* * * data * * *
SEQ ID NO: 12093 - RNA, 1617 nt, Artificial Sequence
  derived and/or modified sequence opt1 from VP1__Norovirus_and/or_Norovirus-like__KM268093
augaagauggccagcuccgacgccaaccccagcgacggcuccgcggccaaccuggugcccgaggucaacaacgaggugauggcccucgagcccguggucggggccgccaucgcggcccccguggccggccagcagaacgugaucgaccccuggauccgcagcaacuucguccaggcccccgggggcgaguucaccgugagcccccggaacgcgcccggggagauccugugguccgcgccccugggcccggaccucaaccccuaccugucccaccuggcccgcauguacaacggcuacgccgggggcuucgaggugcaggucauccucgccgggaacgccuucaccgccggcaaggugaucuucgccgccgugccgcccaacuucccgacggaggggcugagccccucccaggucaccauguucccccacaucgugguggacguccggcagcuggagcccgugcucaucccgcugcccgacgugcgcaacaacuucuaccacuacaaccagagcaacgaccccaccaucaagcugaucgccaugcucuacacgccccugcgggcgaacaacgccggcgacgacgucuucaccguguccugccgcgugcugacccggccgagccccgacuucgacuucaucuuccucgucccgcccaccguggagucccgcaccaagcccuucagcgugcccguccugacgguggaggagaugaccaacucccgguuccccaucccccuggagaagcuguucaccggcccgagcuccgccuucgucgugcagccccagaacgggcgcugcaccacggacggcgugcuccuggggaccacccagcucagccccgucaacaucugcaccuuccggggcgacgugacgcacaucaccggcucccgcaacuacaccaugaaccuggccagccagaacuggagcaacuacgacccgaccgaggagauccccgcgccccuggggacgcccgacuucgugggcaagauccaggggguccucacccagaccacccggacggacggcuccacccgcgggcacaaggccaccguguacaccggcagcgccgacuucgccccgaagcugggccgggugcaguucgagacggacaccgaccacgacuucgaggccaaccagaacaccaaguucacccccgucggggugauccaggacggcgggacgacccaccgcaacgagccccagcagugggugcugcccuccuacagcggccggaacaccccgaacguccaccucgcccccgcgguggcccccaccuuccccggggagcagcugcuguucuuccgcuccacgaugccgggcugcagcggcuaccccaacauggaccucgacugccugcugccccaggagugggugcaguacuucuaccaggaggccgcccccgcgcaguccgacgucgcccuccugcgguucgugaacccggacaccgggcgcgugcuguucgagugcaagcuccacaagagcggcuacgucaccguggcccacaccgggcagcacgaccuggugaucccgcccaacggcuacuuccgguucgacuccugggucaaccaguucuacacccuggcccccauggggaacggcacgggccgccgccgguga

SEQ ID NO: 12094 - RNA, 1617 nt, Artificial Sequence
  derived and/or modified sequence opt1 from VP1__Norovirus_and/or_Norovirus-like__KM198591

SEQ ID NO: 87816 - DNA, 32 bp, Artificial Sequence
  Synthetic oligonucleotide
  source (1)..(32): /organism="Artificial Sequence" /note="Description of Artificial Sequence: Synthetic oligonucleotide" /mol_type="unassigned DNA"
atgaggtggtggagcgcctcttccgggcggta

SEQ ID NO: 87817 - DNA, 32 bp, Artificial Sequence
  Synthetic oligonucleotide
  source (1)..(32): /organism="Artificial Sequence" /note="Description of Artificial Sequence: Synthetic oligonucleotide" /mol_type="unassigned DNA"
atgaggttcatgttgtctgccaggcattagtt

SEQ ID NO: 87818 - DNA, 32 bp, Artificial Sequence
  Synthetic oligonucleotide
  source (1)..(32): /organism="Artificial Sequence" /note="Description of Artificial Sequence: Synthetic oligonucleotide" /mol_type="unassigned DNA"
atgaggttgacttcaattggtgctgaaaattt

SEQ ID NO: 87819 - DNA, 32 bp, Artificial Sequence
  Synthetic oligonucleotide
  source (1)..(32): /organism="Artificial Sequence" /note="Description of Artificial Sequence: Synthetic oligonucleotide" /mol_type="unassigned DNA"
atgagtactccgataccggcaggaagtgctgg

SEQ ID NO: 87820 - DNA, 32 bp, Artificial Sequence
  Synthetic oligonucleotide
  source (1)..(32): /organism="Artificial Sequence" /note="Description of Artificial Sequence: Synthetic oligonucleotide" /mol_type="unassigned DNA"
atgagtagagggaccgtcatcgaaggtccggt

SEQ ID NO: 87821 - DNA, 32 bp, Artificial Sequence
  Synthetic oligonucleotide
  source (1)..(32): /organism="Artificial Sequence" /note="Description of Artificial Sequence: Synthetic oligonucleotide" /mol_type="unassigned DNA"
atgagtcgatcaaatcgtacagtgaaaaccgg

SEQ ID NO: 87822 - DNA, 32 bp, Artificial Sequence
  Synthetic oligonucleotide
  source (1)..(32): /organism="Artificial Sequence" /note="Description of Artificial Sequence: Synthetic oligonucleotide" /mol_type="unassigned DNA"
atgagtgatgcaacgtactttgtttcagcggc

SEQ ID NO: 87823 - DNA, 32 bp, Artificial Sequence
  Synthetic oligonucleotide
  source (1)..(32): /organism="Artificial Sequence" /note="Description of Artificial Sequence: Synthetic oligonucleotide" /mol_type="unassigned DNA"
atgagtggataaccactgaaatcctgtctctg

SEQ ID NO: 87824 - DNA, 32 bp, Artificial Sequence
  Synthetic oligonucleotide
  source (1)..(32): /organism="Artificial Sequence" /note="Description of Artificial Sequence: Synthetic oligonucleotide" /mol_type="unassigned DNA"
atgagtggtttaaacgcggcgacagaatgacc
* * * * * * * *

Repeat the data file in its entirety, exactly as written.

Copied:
SEQ ID NO: 12093 - RNA, 1617 nt, Artificial Sequence
  derived and/or modified sequence opt1 from VP1__Norovirus_and/or_Norovirus-like__KM268093
augaagauggccagcuccgacgccaaccccagcgacggcuccgcggccaaccuggugcccgaggucaacaacgaggugauggcccucgagcccguggucggggccgccaucgcggcccccguggccggccagcagaacgugaucgaccccuggauccgcagcaacuucguccaggcccccgggggcgaguucaccgugagcccccggaacgcgcccggggagauccugugguccgcgccccugggcccggaccucaaccccuaccugucccaccuggcccgcauguacaacggcuacgccgggggcuucgaggugcaggucauccucgccgggaacgccuucaccgccggcaaggugaucuucgccgccgugccgcccaacuucccgacggaggggcugagccccucccaggucaccauguucccccacaucgugguggacguccggcagcuggagcccgugcucaucccgcugcccgacgugcgcaacaacuucuaccacuacaaccagagcaacgaccccaccaucaagcugaucgccaugcucuacacgccccugcgggcgaacaacgccggcgacgacgucuucaccguguccugccgcgugcugacccggccgagccccgacuucgacuucaucuuccucgucccgcccaccguggagucccgcaccaagcccuucagcgugcccguccugacgguggaggagaugaccaacucccgguuccccaucccccuggagaagcuguucaccggcccgagcuccgccuucgucgugcagccccagaacgggcgcugcaccacggacggcgugcuccuggggaccacccagcucagccccgucaacaucugcaccuuccggggcgacgugacgcacaucaccggcucccgcaacuacaccaugaaccuggccagccagaacuggagcaacuacgacccgaccgaggagauccccgcgccccuggggacgcccgacuucgugggcaagauccaggggguccucacccagaccacccggacggacggcuccacccgcgggcacaaggccaccguguacaccggcagcgccgacuucgccccgaagcugggccgggugcaguucgagacggacaccgaccacgacuucgaggccaaccagaacaccaaguucacccccgucggggugauccaggacggcgggacgacccaccgcaacgagccccagcagugggugcugcccuccuacagcggccggaacaccccgaacguccaccucgcccccgcgguggcccccaccuuccccggggagcagcugcuguucuuccgcuccacgaugccgggcugcagcggcuaccccaacauggaccucgacugccugcugccccaggagugggugcaguacuucuaccaggaggccgcccccgcgcaguccgacgucgcccuccugcgguucgugaacccggacaccgggcgcgugcuguucgagugcaagcuccacaagagcggcuacgucaccguggcccacaccgggcagcacgaccuggugaucccgcccaacggcuacuuccgguucgacuccugggucaaccaguucuacacccuggcccccauggggaacggcacgggccgccgccgguga

SEQ ID NO: 12094 - RNA, 1617 nt, Artificial Sequence
  derived and/or modified sequence opt1 from VP1__Norovirus_and/or_Norovirus-like__KM198591

SEQ ID NO: 87816 - DNA, 32 bp, Artificial Sequence
  Synthetic oligonucleotide
  source (1)..(32): /organism="Artificial Sequence" /note="Description of Artificial Sequence: Synthetic oligonucleotide" /mol_type="unassigned DNA"
atgaggtggtggagcgcctcttccgggcggta

SEQ ID NO: 87817 - DNA, 32 bp, Artificial Sequence
  Synthetic oligonucleotide
  source (1)..(32): /organism="Artificial Sequence" /note="Description of Artificial Sequence: Synthetic oligonucleotide" /mol_type="unassigned DNA"
atgaggttcatgttgtctgccaggcattagtt

SEQ ID NO: 87818 - DNA, 32 bp, Artificial Sequence
  Synthetic oligonucleotide
  source (1)..(32): /organism="Artificial Sequence" /note="Description of Artificial Sequence: Synthetic oligonucleotide" /mol_type="unassigned DNA"
atgaggttgacttcaattggtgctgaaaattt

SEQ ID NO: 87819 - DNA, 32 bp, Artificial Sequence
  Synthetic oligonucleotide
  source (1)..(32): /organism="Artificial Sequence" /note="Description of Artificial Sequence: Synthetic oligonucleotide" /mol_type="unassigned DNA"
atgagtactccgataccggcaggaagtgctgg

SEQ ID NO: 87820 - DNA, 32 bp, Artificial Sequence
  Synthetic oligonucleotide
  source (1)..(32): /organism="Artificial Sequence" /note="Description of Artificial Sequence: Synthetic oligonucleotide" /mol_type="unassigned DNA"
atgagtagagggaccgtcatcgaaggtccggt

SEQ ID NO: 87821 - DNA, 32 bp, Artificial Sequence
  Synthetic oligonucleotide
  source (1)..(32): /organism="Artificial Sequence" /note="Description of Artificial Sequence: Synthetic oligonucleotide" /mol_type="unassigned DNA"
atgagtcgatcaaatcgtacagtgaaaaccgg

SEQ ID NO: 87822 - DNA, 32 bp, Artificial Sequence
  Synthetic oligonucleotide
  source (1)..(32): /organism="Artificial Sequence" /note="Description of Artificial Sequence: Synthetic oligonucleotide" /mol_type="unassigned DNA"
atgagtgatgcaacgtactttgtttcagcggc

SEQ ID NO: 87823 - DNA, 32 bp, Artificial Sequence
  Synthetic oligonucleotide
  source (1)..(32): /organism="Artificial Sequence" /note="Description of Artificial Sequence: Synthetic oligonucleotide" /mol_type="unassigned DNA"
atgagtggataaccactgaaatcctgtctctg

SEQ ID NO: 87824 - DNA, 32 bp, Artificial Sequence
  Synthetic oligonucleotide
  source (1)..(32): /organism="Artificial Sequence" /note="Description of Artificial Sequence: Synthetic oligonucleotide" /mol_type="unassigned DNA"
atgagtggtttaaacgcggcgacagaatgacc